Stock charts explained

stock charts explained Stock trading system

All profitable traders use them. Stock charts are like a map showing you were a stock has been and where it “might” be going.

If you are not the master trader (yet) you want to be, then you belong to one of three universal classifications. Which one are you.

Trader 1: You have a basic understanding of stock charts, you know that charts paint of picture of supply and demand, support and resistance, increasing or decreasing interest in owning a particular stock

Trader 2: No clue what-so-ever, but am interested in knowing more

Trader 3: Don’t know, don’t care.

If you are trader #3, then this article isn’t for you (surprise).

On the other hand, if you are interested, even a little, and no matter what you already know, then keep reading. Because this article is meant just for you.

You’ll get the description of four types of stock charts.

#1 Bar charts

The basic bar chart shows a stock’s price over time by plotting on a vertical line the high, the low, the close, and sometimes the open, for a given time frame.

For example, a daily chart for the Nasdaq 100 Tracking Unit showing the Open, High, Low, and Close (also called an OHLC chart) looks like this:

#2 Candlestick charts

Candlestick charts always have the open, high, low, and close. The difference between the open and close forms the “body” of the candlestick. The high and low adds the “wick”.

Of course, not every candlestick has a wick sticking out – a stock with the open and close at the extreme end of the trading range show no wicks. Likewise, there is not always a body – when the open and close are the same, the candlestick is called a “doji”.

A candlestick with the body filled in (or, in the following chart, when the body is black) shows the close being less than the open. The exact opposite is true when the close is greater than the open – the body is hollow (or white).

Candlesticks have some interesting names – engulfment, doji, shooting star, hammer, piercing lines, three black crows, hamari. The list goes on.

The following chart is the same as the one presented above for the QQQ, this time in candlestick format. The highlighted bar is a down bar – the close is less than the open.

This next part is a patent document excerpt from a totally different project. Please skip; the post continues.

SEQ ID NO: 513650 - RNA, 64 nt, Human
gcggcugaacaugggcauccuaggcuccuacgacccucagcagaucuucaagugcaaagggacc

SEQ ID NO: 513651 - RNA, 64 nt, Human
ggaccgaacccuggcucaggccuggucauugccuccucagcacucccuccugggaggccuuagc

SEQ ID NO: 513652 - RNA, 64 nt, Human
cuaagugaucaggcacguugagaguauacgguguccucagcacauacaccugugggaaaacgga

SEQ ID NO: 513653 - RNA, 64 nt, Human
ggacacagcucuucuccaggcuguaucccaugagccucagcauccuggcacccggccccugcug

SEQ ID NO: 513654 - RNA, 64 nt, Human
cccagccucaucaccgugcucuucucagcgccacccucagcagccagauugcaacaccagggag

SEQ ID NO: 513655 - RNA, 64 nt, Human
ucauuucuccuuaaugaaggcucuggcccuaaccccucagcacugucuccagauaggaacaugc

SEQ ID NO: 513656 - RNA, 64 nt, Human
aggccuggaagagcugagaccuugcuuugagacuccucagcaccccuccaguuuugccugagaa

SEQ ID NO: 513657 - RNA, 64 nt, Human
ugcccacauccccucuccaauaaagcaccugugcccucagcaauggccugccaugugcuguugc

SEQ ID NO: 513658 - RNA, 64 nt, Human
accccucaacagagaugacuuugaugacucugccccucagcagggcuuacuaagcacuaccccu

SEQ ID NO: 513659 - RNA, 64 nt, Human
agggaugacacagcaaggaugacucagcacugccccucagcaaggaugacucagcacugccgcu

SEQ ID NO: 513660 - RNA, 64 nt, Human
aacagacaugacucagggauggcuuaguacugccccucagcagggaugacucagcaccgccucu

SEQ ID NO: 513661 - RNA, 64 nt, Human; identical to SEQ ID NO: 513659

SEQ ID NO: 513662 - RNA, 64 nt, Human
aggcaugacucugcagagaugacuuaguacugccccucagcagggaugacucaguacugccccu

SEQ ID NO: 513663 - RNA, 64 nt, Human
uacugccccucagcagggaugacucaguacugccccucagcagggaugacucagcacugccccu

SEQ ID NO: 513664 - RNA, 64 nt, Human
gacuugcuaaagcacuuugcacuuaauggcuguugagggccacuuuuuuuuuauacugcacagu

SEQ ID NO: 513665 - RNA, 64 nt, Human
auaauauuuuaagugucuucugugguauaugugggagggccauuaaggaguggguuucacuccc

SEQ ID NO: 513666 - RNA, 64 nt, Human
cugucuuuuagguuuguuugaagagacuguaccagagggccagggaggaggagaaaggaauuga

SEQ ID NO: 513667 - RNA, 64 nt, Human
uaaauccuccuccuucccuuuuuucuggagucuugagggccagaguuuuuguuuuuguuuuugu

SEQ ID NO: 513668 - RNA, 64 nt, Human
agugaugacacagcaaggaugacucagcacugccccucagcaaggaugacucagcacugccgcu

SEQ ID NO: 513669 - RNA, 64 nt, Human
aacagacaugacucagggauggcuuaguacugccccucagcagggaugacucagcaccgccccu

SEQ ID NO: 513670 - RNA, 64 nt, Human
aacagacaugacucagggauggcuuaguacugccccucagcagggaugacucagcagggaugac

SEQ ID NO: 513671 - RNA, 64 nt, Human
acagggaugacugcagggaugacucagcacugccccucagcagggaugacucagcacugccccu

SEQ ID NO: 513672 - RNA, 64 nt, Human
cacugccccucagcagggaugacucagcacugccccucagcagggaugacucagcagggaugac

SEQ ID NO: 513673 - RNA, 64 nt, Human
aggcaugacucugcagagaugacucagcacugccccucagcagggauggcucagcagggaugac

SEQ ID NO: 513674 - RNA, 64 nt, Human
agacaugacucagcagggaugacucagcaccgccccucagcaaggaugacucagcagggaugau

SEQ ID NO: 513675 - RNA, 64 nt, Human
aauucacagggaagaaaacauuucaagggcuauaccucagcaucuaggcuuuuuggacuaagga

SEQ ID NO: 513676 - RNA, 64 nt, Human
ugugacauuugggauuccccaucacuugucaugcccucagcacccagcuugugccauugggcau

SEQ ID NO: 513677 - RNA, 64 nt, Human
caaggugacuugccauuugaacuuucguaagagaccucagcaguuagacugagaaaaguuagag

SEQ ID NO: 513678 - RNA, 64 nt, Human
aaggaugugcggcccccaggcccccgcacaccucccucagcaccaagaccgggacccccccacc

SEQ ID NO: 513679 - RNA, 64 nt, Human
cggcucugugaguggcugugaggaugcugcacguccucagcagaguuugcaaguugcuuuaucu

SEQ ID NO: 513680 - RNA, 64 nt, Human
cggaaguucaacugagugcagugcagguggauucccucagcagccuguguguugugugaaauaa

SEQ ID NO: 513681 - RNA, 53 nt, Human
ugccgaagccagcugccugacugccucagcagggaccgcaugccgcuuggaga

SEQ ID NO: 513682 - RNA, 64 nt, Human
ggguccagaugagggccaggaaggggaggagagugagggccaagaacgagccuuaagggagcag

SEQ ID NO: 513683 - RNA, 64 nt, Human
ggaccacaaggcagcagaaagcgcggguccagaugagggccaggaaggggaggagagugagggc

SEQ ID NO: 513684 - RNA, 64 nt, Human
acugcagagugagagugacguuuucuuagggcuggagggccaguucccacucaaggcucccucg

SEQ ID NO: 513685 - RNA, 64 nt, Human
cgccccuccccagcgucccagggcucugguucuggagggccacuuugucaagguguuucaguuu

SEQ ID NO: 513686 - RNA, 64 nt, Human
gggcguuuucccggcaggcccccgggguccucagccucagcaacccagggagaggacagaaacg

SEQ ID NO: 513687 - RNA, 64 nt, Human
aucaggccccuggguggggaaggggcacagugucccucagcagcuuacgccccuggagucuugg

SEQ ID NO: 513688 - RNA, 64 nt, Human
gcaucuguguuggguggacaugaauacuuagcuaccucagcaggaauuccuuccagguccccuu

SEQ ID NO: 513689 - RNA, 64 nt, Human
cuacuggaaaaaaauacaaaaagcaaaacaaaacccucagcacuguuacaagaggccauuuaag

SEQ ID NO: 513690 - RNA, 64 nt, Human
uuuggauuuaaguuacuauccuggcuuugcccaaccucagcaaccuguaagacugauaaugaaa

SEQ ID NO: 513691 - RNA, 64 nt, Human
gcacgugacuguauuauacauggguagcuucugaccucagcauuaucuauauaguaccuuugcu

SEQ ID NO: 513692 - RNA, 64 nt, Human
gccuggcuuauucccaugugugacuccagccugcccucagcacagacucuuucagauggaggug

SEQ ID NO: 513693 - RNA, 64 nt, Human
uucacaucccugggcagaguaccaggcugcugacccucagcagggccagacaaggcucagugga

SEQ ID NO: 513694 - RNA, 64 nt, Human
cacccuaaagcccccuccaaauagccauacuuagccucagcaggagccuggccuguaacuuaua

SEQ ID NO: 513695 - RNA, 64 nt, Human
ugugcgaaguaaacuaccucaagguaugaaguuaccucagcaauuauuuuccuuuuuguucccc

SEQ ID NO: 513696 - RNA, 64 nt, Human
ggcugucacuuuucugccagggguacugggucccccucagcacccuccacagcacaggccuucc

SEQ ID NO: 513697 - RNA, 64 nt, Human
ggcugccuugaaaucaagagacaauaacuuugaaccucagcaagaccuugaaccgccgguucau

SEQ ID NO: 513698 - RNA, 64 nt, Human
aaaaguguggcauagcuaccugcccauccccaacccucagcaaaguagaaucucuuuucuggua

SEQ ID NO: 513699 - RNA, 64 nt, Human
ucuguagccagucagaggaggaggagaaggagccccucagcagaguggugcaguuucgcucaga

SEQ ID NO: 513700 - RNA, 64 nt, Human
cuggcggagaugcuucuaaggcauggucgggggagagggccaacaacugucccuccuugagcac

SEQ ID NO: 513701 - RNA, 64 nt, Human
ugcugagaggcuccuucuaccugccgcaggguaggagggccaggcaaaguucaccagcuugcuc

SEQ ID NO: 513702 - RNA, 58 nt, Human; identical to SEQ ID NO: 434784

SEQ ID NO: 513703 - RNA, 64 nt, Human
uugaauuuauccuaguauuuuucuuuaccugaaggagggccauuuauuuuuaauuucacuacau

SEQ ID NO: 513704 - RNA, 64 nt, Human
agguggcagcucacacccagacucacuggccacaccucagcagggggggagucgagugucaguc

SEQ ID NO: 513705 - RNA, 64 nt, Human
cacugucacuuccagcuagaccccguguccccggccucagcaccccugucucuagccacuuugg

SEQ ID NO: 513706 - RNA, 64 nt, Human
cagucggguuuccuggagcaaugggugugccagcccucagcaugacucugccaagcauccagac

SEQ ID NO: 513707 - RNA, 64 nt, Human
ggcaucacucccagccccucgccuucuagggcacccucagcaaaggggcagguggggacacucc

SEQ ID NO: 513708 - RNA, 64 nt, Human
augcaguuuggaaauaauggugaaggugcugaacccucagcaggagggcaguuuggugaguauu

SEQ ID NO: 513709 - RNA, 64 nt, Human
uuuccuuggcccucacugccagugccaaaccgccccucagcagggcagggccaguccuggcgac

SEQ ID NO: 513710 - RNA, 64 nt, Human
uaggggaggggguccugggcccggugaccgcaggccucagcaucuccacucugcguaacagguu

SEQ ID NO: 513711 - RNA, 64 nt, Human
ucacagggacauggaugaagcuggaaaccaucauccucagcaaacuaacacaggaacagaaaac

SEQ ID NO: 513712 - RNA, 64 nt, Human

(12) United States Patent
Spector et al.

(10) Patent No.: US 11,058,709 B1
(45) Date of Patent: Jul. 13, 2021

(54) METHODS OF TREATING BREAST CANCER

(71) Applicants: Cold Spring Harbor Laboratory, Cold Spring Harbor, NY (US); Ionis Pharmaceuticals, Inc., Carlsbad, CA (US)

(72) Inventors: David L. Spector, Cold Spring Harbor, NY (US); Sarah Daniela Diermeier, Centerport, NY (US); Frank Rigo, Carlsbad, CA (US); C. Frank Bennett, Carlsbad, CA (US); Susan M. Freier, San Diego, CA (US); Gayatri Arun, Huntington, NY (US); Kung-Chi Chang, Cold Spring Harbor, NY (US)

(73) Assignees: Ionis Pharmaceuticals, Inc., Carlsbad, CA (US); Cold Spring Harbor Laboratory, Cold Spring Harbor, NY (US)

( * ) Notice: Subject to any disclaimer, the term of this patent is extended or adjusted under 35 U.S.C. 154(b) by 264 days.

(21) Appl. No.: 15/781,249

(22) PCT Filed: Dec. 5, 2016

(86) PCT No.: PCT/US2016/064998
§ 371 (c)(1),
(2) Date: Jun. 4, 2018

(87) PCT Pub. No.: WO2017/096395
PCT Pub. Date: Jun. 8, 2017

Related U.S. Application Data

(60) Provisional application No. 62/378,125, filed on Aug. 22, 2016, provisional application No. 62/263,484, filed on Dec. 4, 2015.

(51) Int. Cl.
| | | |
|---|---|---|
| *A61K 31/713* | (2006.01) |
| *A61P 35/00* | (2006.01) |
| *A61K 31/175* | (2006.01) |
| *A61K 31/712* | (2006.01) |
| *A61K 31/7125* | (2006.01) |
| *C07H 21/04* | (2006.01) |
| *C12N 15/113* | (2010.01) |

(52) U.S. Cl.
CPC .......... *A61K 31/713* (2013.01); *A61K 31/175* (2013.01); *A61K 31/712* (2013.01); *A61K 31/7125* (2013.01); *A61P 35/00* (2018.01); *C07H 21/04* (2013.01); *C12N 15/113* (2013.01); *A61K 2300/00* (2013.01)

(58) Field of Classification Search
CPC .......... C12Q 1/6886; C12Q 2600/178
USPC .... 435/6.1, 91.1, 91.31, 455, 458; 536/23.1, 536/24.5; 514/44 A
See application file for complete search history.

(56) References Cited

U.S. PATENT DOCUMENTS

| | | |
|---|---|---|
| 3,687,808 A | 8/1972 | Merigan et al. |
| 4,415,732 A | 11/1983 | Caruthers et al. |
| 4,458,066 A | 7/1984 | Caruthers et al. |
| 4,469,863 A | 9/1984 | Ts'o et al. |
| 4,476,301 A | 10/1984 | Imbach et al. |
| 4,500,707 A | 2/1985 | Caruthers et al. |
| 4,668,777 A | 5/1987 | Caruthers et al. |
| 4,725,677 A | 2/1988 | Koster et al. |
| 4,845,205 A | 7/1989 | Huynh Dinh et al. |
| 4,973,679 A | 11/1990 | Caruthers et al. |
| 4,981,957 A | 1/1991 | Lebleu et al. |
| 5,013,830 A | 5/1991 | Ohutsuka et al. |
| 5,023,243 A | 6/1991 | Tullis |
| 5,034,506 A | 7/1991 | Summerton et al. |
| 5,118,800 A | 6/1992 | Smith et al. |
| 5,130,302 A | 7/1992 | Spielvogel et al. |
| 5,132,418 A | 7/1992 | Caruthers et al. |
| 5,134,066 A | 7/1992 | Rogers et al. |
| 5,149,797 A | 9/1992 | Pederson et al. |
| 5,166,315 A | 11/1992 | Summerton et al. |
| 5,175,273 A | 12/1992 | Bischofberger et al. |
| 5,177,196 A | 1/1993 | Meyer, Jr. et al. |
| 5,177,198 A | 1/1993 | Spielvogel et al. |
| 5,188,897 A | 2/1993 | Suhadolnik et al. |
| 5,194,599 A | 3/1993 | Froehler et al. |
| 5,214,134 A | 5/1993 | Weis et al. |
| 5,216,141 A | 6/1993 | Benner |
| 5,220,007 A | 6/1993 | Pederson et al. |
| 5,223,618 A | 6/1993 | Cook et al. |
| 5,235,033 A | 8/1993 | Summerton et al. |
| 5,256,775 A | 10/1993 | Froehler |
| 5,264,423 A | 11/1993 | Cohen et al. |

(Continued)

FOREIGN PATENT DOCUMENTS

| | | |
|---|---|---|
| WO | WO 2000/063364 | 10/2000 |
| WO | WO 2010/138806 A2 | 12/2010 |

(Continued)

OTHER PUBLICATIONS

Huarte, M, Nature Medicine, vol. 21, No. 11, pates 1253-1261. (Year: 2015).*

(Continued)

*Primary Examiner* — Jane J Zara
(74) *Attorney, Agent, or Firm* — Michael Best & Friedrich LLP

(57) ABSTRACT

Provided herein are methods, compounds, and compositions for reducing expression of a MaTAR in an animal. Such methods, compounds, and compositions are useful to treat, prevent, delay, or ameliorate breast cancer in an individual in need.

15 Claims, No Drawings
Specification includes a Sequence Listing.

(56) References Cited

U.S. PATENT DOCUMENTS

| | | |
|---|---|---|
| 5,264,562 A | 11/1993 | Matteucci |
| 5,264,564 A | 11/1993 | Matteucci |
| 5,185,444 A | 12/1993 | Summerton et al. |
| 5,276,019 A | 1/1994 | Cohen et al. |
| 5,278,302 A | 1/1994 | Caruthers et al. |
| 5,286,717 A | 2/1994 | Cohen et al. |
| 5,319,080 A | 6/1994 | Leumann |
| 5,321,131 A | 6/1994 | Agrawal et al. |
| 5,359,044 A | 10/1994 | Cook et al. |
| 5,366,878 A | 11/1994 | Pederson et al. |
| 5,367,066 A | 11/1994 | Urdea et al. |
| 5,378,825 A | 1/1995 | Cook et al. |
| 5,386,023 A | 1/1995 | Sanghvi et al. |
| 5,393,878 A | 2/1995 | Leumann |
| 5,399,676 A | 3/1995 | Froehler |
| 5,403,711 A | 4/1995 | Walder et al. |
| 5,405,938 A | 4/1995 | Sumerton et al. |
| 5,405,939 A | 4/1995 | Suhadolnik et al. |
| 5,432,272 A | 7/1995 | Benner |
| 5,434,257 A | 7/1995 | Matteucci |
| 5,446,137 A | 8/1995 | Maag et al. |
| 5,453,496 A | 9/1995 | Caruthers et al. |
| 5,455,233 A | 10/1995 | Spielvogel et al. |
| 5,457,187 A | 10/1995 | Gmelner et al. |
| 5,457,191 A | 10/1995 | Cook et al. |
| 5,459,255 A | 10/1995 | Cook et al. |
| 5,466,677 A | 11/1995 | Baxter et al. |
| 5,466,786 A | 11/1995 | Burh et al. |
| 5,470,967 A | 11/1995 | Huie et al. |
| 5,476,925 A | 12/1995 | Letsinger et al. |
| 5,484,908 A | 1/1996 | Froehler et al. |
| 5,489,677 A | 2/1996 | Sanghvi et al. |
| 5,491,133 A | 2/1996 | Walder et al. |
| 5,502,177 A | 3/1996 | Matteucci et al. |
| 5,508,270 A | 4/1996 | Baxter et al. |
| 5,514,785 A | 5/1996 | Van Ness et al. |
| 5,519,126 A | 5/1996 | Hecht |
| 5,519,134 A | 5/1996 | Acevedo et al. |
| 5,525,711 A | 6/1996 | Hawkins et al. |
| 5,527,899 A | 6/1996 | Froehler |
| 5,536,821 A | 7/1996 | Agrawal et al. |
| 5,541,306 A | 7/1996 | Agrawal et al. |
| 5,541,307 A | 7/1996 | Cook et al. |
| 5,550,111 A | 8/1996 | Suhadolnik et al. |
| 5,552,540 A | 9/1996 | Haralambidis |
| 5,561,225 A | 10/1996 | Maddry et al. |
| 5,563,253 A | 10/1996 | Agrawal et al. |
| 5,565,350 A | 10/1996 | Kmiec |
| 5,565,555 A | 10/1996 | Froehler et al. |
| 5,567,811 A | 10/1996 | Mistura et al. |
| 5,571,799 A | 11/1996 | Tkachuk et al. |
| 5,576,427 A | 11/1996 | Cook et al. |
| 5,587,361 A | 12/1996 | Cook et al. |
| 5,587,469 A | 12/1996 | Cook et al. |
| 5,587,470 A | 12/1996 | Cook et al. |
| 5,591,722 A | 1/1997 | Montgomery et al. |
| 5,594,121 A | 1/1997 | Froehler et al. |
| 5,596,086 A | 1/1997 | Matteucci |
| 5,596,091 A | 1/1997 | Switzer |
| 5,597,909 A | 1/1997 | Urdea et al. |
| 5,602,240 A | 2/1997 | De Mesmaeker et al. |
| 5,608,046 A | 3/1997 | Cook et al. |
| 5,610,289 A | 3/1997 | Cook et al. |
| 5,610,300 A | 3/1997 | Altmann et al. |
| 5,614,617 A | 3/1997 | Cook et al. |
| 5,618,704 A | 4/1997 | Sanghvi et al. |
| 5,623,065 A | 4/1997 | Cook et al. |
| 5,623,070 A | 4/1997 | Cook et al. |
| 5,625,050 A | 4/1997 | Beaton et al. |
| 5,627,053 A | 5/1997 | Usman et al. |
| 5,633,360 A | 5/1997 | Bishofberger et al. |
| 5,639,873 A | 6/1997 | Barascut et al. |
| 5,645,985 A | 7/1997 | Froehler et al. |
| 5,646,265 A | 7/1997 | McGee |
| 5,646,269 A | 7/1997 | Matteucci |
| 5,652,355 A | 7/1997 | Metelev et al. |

For those comfortable with candlestick charts, one recommended book for improving your use of candlesticks is Steve Nison’s Beyond Candlesticks. Steve does a great job of including profit potential versus perceived risk relative to the use of candlestick trading – recommended reading.

#3 Line charts

Line charts do a great job of removing all the “noise” associated with stock charts. The most typical line chart plots the closing price of the stock of interest.

This gives the trader a clearer picture of the underlying trend of a stock – much line moving averages do.

Here’s the QQQ with the closing price plotted as a line chart.

#4 Point and Figure charts

I show this charting method for sake of completeness.

Two things that PnF charts do well: (1) show supply and demand – without regard to time, and (2) filter out price reversals that are below the user defined minimum. As such, how you set up the “box” sizes and reversal amounts is critical. Tom Dorsey’s Point and Figure Charting does a great job explaining Point and Figure Charting.

Use stock charts any time.

All charts can be used over any time frame. Charts become more powerful as a predictive tool as you analyze a stock over different time frames.

A impressive rally on an intraday chart, might look like a serious rally on the daily charts, might appear as a correction to a downtrend on the weekly charts, and might not even appear on the monthly charts.

Use stock charts to keep you focused on where a stock has been and where it “might” go next.

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